The Supreme Court on Wednesday reminded the Union government for the third time to formulate a policy to regulate the sale of acid in the open market.
India has only taken steps to introduce suggestions by the law commission in respect to introducing a section into the Indian Penal Code, which exclusively deals with acid attacks. But law enforcement agencies face a problem in curbing such violence, as acid is easily available in the open market.
Hydrochloric acid costs around Rs 25 per litre. The only law in India, which regulates the sale of acid, is the Manufacture, Storage and Import of Hazardous Chemicals Rules, 1989 (amended in 2000). However, this law deals only with industrial solutions. There is also no provision that provides for checking the sale of acid.
Police officials, who have dealt with acid attack cases, have found during their investigation that it is the easy availability, which encourages criminal use. Since 2004, this issue of regulating acid sale has been discussed but none of the states have been able to formulate any policy regarding the same.
Bangaldesh has one of the most effective laws in regulating the sale of acid; a legislation, which has been in place since 2002. The legislation not only provides stringent punishment for the person using acid, but also keeps a proper check on its sale.
The Acid Control Act of Bangladesh has provided the setting up of a national acid control council in every district headed by a commissioner. They in turn keep a regular check on the sale of all kinds of acids and also report/punish those selling it without permission.
The acid attacks’ issue was dealt with in detail by the law commission of India in 2009. The commission had recommended the introduction of Section 326 A in the Indian Penal Code to deal exclusively with acid attacks.
The commission in a detailed 41-page report had stated that acid attacks were on the rise and there was no special section in the IPC, which dealt with this offence. Section 326 of the IPC that deals with causing grievous hurt is inadequate to deal with the issue for the following reasons the commission had noted.
- Definition of grievous hurt is not broad enough to cover the various kinds of injuries, which are inflicted during acid attacks.
- Secondly, the section does not cover the act of administering acid. Thirdly, the section gives a wide discretion to the courts as far as punishment is concerned. The cases of acid attacks in India show that normally inadequate punishment is awarded.
- The section in the IPC does not punish the intentional act of throwing of acid if no injuries occur. It also does not specify to whom the fine should be slapped.
The commission had also made the following recommendations:
- The distribution and sale of acid should be banned except for commercial and scientific purposes.
- Acid should be made a scheduled banned chemical that should not be available over the counter.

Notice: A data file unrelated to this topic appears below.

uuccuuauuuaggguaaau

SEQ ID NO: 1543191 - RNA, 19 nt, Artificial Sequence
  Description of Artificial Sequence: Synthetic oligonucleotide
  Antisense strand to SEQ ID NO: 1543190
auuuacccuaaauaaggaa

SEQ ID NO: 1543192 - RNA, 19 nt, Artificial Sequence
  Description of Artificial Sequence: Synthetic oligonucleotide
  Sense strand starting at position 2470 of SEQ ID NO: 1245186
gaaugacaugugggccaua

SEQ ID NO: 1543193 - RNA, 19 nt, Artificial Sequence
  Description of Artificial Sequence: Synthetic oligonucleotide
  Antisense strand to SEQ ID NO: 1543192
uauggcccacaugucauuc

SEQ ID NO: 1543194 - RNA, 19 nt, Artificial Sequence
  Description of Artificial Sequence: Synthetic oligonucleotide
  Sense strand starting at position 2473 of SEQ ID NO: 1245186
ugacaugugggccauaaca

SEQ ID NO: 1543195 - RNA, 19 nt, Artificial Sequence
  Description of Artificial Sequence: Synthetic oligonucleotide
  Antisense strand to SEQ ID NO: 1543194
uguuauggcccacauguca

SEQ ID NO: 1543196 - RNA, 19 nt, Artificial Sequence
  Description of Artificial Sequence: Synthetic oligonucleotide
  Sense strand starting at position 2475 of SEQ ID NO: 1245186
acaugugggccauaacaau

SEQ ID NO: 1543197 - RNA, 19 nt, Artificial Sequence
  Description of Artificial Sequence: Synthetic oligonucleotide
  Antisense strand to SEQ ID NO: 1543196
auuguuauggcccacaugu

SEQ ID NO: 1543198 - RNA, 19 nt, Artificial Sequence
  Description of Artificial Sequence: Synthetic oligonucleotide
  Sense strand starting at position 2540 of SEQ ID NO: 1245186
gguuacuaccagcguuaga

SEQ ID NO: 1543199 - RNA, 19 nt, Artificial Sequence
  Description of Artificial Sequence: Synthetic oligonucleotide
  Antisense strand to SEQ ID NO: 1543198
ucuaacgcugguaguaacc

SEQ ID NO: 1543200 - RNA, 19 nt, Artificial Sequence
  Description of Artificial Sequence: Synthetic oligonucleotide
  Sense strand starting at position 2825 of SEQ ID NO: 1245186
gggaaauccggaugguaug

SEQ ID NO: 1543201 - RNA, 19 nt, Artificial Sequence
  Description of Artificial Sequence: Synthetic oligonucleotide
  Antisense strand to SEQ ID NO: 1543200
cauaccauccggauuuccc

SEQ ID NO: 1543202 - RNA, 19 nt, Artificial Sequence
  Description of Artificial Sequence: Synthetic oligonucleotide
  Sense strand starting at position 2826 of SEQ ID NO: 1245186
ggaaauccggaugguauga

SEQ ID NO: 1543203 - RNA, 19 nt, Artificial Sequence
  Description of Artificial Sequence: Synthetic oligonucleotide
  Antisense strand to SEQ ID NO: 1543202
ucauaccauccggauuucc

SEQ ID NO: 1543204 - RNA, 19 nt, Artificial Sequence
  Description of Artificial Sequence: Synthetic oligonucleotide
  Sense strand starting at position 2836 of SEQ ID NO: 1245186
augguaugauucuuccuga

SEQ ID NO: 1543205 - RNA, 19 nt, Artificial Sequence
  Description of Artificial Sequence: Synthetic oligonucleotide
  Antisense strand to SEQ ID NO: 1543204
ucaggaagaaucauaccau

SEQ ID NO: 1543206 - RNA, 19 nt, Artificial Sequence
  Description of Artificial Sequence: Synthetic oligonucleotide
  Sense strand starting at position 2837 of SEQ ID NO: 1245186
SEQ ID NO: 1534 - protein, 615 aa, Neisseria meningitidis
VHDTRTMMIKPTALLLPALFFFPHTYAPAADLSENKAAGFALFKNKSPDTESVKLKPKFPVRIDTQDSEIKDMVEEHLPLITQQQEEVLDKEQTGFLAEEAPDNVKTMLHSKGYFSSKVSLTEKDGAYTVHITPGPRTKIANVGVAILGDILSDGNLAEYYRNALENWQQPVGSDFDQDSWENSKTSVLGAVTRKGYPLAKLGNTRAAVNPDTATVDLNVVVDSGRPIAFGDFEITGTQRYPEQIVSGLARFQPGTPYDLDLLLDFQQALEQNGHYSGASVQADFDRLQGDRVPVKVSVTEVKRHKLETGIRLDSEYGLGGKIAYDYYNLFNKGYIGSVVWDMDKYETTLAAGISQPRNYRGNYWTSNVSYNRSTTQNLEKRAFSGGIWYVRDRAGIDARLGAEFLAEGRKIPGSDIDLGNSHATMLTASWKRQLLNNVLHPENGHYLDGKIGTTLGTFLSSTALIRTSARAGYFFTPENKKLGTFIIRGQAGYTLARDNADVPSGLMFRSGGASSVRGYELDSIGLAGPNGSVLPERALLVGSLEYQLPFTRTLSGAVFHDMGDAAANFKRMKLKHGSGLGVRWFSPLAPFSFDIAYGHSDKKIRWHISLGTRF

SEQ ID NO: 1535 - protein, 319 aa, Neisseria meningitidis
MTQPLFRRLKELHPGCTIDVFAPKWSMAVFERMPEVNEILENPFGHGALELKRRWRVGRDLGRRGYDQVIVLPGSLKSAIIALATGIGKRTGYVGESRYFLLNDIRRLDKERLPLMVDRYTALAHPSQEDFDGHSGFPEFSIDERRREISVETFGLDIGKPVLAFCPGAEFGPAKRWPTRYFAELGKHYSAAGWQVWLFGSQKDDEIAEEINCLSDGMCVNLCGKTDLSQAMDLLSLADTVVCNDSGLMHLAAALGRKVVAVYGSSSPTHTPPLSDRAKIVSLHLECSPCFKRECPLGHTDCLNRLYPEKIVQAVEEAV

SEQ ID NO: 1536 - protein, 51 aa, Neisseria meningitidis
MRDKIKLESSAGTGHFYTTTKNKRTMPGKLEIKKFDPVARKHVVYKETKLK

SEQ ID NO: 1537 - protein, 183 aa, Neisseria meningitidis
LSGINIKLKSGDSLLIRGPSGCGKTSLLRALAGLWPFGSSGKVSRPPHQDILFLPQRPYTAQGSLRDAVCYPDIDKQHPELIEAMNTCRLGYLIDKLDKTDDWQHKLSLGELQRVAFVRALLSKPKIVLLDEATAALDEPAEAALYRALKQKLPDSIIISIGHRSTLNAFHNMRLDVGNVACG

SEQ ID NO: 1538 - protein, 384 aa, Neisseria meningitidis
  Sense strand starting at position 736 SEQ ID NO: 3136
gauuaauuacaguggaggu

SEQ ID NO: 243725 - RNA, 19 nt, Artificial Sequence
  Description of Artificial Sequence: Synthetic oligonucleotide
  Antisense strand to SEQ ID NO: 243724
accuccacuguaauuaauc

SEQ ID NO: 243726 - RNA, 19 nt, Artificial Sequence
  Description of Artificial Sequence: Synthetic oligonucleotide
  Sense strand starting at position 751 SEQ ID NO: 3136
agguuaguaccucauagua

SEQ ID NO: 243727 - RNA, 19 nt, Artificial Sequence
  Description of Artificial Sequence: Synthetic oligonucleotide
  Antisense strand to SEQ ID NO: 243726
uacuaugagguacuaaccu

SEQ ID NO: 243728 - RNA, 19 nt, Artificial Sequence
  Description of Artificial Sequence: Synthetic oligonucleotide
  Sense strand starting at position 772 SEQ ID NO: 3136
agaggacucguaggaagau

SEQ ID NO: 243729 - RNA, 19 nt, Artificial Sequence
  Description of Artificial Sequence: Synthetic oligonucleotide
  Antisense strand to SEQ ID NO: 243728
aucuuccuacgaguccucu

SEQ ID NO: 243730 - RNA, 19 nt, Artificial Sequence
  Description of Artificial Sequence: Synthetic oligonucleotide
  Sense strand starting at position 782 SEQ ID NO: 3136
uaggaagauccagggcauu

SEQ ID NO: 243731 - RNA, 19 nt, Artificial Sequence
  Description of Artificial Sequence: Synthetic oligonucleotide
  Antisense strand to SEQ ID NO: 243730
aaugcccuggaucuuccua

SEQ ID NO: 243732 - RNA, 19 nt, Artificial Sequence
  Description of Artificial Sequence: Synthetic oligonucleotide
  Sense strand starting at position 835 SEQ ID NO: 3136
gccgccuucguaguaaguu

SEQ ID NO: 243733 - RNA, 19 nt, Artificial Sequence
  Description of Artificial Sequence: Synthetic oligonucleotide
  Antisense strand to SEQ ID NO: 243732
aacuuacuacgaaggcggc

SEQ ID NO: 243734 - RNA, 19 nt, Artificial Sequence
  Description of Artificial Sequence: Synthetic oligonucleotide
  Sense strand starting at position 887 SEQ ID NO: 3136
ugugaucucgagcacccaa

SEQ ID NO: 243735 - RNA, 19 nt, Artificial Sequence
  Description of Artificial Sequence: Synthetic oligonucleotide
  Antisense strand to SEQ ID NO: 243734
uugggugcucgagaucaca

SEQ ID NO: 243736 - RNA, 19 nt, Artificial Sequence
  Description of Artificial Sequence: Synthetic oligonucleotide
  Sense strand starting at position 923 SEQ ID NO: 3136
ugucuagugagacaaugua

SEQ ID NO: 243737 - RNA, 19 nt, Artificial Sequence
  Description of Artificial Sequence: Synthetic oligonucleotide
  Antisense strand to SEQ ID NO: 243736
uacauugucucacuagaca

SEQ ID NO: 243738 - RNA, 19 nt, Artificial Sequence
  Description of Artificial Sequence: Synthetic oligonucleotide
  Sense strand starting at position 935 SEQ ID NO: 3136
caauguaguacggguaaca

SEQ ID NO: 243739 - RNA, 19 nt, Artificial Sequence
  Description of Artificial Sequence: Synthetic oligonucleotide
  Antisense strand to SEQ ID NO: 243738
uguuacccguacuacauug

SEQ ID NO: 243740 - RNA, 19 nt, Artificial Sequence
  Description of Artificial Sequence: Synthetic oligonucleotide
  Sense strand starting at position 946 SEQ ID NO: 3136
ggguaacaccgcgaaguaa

- The particulars of purchasers of acid should be recorded.
Although the government has not done anything to regulate the sale of acid the only point that it considered was the introduction of Section 326 A IPC.
326 A (i) Hurt by acid attack: Whoever burns or maims or disfigures or disables any part or parts of the body of a person or causes grievous hurt by throwing acid on or administering acid to that person, with the intention of causing or with the knowledge that he is likely to cause such injury or hurt, shall be punishable with imprisonment of either description which shall not be less than 10 years but which may extend to life and with fine which may extend to Rs 10 lakh.
Observations by the Commission:
In India, it has been said, “Acid attacks on women are a systemic form of gendered sexual violence. Unlike acid attacks on men, these attacks are used as a weapon to silence and control women by destroying what is constructed as the primary constituent of her identity, i.e. her body. It is important then for any campaign against acid attacks to mobilise public opinion towards recognising acid attacks as a form of gendered sexual violence and more importantly to recognise the patriarchal notions underlying these attacks.”
In the Delhi Domestic Working Women’s Forum case, the SC had pronounced upon the need by the government to set up a criminal injuries compensation board for rape victims within 6 months. It had suggested that this board should give compensation whether or not a conviction takes place. The SC explained the justification for this proposal as under:
It is necessary, having regard to the directive principles contained under Article 38(I) of the Constitution of India to set-up a criminal injuries compensation board.
Rape victims frequently incur substantial financial loss. Some, for example are too traumatised to continue in employment.
Compensation for victims should be awarded by the court on conviction of the offender and by the criminal injuries compensation board whether or not a conviction takes place. The board will take into account pain, suffering and shock as well as loss of earnings due to pregnancy and the expenses of the child but if this occurred as a result of the rape.